Pointing with Lime Mortar from Lime Green Products

Pointing with Lime Mortar from Lime Green Products


Over time, wind and rain weaken the mortar between bricks…
letting in water to the joints…
which then damages walls. To stop this happening, walls need to be repointed periodically by removing
the damaged mortar and replacing it with …. … a good all-round general purpose mortar, like our natural hydraulic lime mortar. This not only looks good but lets walls ‘breathe’ so moisture can escape. It is also flexible so it is less likely to crack as walls gently move and settle. The first stage of repointing is ‘raking out’ … in other words, removing old unsound mortar from between the bricks to a depth of about 25mm … … or double the width of the mortar joint, if this is greater. You can do this using a hammer and chisel as here … taking care not to chip the brickwork… To avoid unnecessary damage, it’s often a good idea to leave sound mortar in place As lime mortar is generally soft … there should be no need to use machine tools, which could make unsightly cuts in surrounding bricks … or leave them needing to be replaced. When you’ve finished raking out the area to be repointed, create a clean surface for the mortar by using a stiff brush to remove any dust and loose materials from between the joints. Then thoroughly dampen the joints using water from a spray bottle. This helps the mortar stick to the brickwork and stops it from drying out too quickly. You are now ready to mix your lime mortar. For Lime Green Natural Lime Mortar you will need about a 7 kilogram bag per square meter of brickwork, and about 20 kilogrammes for stonework Each 25 kilograms then needs to be mixed with about 4-5 liters of water and, for between 3 and 10 minutes using a powered mixer. When mixed correctly lime mortar should not be wet, but ‘sticky’ so that it will cling to the underside of an upturned hawk. You are now ready to start repointing. For this you need a narrow pointing tool to press the mortar firmly into the joints between the bricks. Choose one that’s just a little narrower than the width of the joint so the lime mortar isn’t being left on the face of the brick. To finish the mortar you can use a stiff bristled brush to beat the mortar into the joints this gives a more open textured surface that helps the lime mortar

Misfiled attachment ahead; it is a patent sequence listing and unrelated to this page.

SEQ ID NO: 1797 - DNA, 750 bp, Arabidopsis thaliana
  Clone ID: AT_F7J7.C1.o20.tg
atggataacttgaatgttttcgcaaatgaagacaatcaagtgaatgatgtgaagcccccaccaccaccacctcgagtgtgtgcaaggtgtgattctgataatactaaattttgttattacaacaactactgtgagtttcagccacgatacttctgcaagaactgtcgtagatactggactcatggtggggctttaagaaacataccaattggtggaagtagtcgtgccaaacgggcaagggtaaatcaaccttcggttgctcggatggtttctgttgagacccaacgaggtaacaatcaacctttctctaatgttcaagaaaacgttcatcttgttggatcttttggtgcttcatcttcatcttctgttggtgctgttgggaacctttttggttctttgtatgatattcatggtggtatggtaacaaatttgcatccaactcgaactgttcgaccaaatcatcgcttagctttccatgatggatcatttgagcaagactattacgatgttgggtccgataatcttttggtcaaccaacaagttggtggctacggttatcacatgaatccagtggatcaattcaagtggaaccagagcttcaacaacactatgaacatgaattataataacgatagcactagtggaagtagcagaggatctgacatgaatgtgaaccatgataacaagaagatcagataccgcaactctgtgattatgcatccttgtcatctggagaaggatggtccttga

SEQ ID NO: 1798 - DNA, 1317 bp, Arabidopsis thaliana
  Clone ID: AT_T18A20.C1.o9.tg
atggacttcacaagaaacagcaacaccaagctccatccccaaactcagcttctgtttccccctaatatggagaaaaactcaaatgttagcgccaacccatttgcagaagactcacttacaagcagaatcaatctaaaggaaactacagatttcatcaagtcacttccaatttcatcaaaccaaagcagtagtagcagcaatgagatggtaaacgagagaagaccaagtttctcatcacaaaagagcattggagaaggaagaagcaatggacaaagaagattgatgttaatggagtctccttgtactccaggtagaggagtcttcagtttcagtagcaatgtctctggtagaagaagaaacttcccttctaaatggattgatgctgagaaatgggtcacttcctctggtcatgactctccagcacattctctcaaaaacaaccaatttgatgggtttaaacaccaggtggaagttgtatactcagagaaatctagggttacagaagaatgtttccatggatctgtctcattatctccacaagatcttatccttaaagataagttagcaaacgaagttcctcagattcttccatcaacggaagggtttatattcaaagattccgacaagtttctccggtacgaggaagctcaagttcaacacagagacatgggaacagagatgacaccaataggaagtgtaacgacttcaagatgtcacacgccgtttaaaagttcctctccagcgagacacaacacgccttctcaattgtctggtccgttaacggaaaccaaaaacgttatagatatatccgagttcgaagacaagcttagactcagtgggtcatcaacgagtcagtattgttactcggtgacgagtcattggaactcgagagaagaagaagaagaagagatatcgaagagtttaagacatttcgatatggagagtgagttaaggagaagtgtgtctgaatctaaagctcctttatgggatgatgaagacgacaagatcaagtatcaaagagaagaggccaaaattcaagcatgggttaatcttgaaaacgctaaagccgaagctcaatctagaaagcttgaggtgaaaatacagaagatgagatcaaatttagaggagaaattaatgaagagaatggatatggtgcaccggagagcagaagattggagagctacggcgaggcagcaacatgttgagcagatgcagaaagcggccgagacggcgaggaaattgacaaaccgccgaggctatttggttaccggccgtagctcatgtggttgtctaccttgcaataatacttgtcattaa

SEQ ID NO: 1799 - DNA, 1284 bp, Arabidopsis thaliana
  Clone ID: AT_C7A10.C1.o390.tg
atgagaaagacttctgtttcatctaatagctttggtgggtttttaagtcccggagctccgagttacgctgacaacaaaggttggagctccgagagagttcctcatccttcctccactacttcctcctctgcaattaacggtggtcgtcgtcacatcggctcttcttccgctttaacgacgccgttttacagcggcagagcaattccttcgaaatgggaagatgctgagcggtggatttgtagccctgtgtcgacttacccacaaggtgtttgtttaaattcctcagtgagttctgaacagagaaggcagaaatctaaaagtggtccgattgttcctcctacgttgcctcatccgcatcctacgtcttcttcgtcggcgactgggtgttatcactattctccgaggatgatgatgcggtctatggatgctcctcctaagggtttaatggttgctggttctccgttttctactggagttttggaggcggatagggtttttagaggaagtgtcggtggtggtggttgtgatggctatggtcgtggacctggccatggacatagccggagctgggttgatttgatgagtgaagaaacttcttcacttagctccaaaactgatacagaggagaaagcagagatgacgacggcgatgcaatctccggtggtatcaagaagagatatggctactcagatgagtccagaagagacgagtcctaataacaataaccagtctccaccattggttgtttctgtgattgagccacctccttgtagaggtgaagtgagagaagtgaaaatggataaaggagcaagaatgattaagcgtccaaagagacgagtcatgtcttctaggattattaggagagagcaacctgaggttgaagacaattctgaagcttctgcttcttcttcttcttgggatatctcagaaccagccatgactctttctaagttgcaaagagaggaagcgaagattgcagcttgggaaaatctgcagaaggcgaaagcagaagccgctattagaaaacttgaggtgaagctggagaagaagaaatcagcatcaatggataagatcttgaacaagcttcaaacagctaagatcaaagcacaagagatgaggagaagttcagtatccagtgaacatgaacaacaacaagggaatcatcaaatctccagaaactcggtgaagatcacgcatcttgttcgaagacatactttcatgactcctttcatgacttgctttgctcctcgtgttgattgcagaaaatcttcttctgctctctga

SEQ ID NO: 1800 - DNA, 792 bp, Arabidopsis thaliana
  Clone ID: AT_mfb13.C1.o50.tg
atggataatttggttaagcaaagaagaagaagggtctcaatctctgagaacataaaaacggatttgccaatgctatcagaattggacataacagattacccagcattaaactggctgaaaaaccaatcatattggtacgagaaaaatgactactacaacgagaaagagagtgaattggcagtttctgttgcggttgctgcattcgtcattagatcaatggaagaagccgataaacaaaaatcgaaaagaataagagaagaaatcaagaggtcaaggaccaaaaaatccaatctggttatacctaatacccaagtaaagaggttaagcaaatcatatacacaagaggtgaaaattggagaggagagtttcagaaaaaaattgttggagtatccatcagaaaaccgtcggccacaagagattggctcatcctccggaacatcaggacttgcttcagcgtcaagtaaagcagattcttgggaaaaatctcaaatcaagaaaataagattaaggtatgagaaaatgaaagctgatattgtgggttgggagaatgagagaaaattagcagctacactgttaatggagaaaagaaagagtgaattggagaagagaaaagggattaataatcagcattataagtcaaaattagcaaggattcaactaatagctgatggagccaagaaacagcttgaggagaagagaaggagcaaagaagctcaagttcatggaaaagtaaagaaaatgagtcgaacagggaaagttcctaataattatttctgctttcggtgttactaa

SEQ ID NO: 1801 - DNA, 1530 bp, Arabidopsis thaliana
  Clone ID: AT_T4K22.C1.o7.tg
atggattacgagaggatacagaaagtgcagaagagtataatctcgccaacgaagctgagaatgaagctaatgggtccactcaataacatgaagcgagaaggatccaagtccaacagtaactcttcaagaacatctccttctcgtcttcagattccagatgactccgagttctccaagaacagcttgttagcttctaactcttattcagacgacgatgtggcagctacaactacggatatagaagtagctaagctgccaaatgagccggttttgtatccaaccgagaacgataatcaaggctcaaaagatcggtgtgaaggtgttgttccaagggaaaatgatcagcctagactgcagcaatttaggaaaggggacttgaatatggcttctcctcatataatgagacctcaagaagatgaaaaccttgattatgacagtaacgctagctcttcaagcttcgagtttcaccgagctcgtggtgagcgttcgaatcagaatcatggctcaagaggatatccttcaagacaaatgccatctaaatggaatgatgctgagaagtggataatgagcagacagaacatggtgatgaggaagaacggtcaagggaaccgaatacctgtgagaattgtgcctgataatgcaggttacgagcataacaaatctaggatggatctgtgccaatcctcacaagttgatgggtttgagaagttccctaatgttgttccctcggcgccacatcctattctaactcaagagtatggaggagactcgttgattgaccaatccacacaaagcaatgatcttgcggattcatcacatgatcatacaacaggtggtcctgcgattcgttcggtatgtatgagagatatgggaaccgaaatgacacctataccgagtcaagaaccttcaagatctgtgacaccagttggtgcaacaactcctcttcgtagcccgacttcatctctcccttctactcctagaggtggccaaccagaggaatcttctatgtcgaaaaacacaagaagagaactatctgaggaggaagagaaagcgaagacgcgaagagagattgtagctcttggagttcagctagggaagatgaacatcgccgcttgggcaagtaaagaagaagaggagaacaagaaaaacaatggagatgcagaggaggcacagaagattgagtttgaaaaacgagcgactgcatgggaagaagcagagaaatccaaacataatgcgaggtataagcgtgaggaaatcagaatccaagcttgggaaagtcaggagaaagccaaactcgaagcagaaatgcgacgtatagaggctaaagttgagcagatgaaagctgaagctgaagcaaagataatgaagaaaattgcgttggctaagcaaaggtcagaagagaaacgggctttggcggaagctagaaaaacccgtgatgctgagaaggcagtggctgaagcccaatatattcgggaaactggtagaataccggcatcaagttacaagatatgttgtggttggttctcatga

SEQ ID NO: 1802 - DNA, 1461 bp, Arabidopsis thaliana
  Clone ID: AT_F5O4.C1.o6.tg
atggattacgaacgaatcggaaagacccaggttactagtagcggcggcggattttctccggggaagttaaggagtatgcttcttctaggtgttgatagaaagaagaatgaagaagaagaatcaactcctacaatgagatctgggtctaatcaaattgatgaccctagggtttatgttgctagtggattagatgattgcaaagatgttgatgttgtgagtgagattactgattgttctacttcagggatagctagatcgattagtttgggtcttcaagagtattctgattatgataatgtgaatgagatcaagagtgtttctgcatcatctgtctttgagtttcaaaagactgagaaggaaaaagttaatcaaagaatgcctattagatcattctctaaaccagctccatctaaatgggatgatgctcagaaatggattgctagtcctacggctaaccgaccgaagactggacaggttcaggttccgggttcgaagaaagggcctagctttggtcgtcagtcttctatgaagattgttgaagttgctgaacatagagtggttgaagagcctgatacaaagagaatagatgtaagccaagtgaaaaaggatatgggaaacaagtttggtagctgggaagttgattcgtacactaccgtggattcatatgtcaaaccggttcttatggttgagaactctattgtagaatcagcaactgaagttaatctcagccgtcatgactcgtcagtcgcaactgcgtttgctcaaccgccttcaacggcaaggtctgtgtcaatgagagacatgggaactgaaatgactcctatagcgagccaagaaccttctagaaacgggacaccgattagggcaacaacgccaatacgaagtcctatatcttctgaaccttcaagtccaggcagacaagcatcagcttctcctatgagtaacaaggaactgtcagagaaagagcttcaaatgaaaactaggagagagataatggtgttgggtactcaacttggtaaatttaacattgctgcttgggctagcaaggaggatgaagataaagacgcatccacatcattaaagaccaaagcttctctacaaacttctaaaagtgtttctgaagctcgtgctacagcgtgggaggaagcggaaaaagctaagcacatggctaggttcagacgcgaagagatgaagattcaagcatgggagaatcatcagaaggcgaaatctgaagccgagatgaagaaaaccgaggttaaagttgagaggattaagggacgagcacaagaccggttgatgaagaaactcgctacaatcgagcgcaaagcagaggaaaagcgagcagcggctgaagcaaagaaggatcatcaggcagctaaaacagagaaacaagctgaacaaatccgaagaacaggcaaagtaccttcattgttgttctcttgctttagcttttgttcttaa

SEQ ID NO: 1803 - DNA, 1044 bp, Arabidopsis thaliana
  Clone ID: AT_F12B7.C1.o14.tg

cure or harden faster Lime mortar doesn’t cure as quickly as cement mortars so normally it will take several months to reach maximum strength and durability. For the first few days lime mortar needs to be given extra protection from the elements. Gently spray it with water and cover it
with damp hessian sheeting in hot weather, so the lime doesn’t dry out. And covering it with protective sheeting in cold weather to prevent damage from frost To find out more about our natural hydraulic lime mortars, or any of our other lime products go to the Lime Green website at… lime-green.co.uk and click on the knowledge base tab, or if you would like to speak to someone about using lime mortar on your building
project, just call us on 01952 728611.

6 thoughts on “Pointing with Lime Mortar from Lime Green Products

  1. I have specified this coloured mortar for a Norwich project, I was very pleased with the outcome and the contractors found it straight forward to use.

  2. Mortar for historic buildings should not be that wet when repointing. It should be drypack. You should be able to create a ball with the damp mortar. Also, the mortar needs to be PACKED into the joint, not lightly pressed in like that guy is doing. He's going to end up with air gaps inside the joints, and the outer mortar will just fall right off in short time. Don't cut the vertical joints with a grinder, or you end up cutting up the bricks like this bonehead did. Use a chisel! Yeah, it looks real good with vertical cuts in the bricks horizontal edges where they aren't supposed to be. Don't finish the joints until the mortar is thumbnail dry. You should barely be able to depress it with your thumbnail. Keep them damp by spraying afterwards, and cover from sunlight if the wall is in direct sunlight while curing.

  3. Shell India lime chemicals
    www.limeshell.com
    Lime plasters and lime pointing materials available+91 7667007000

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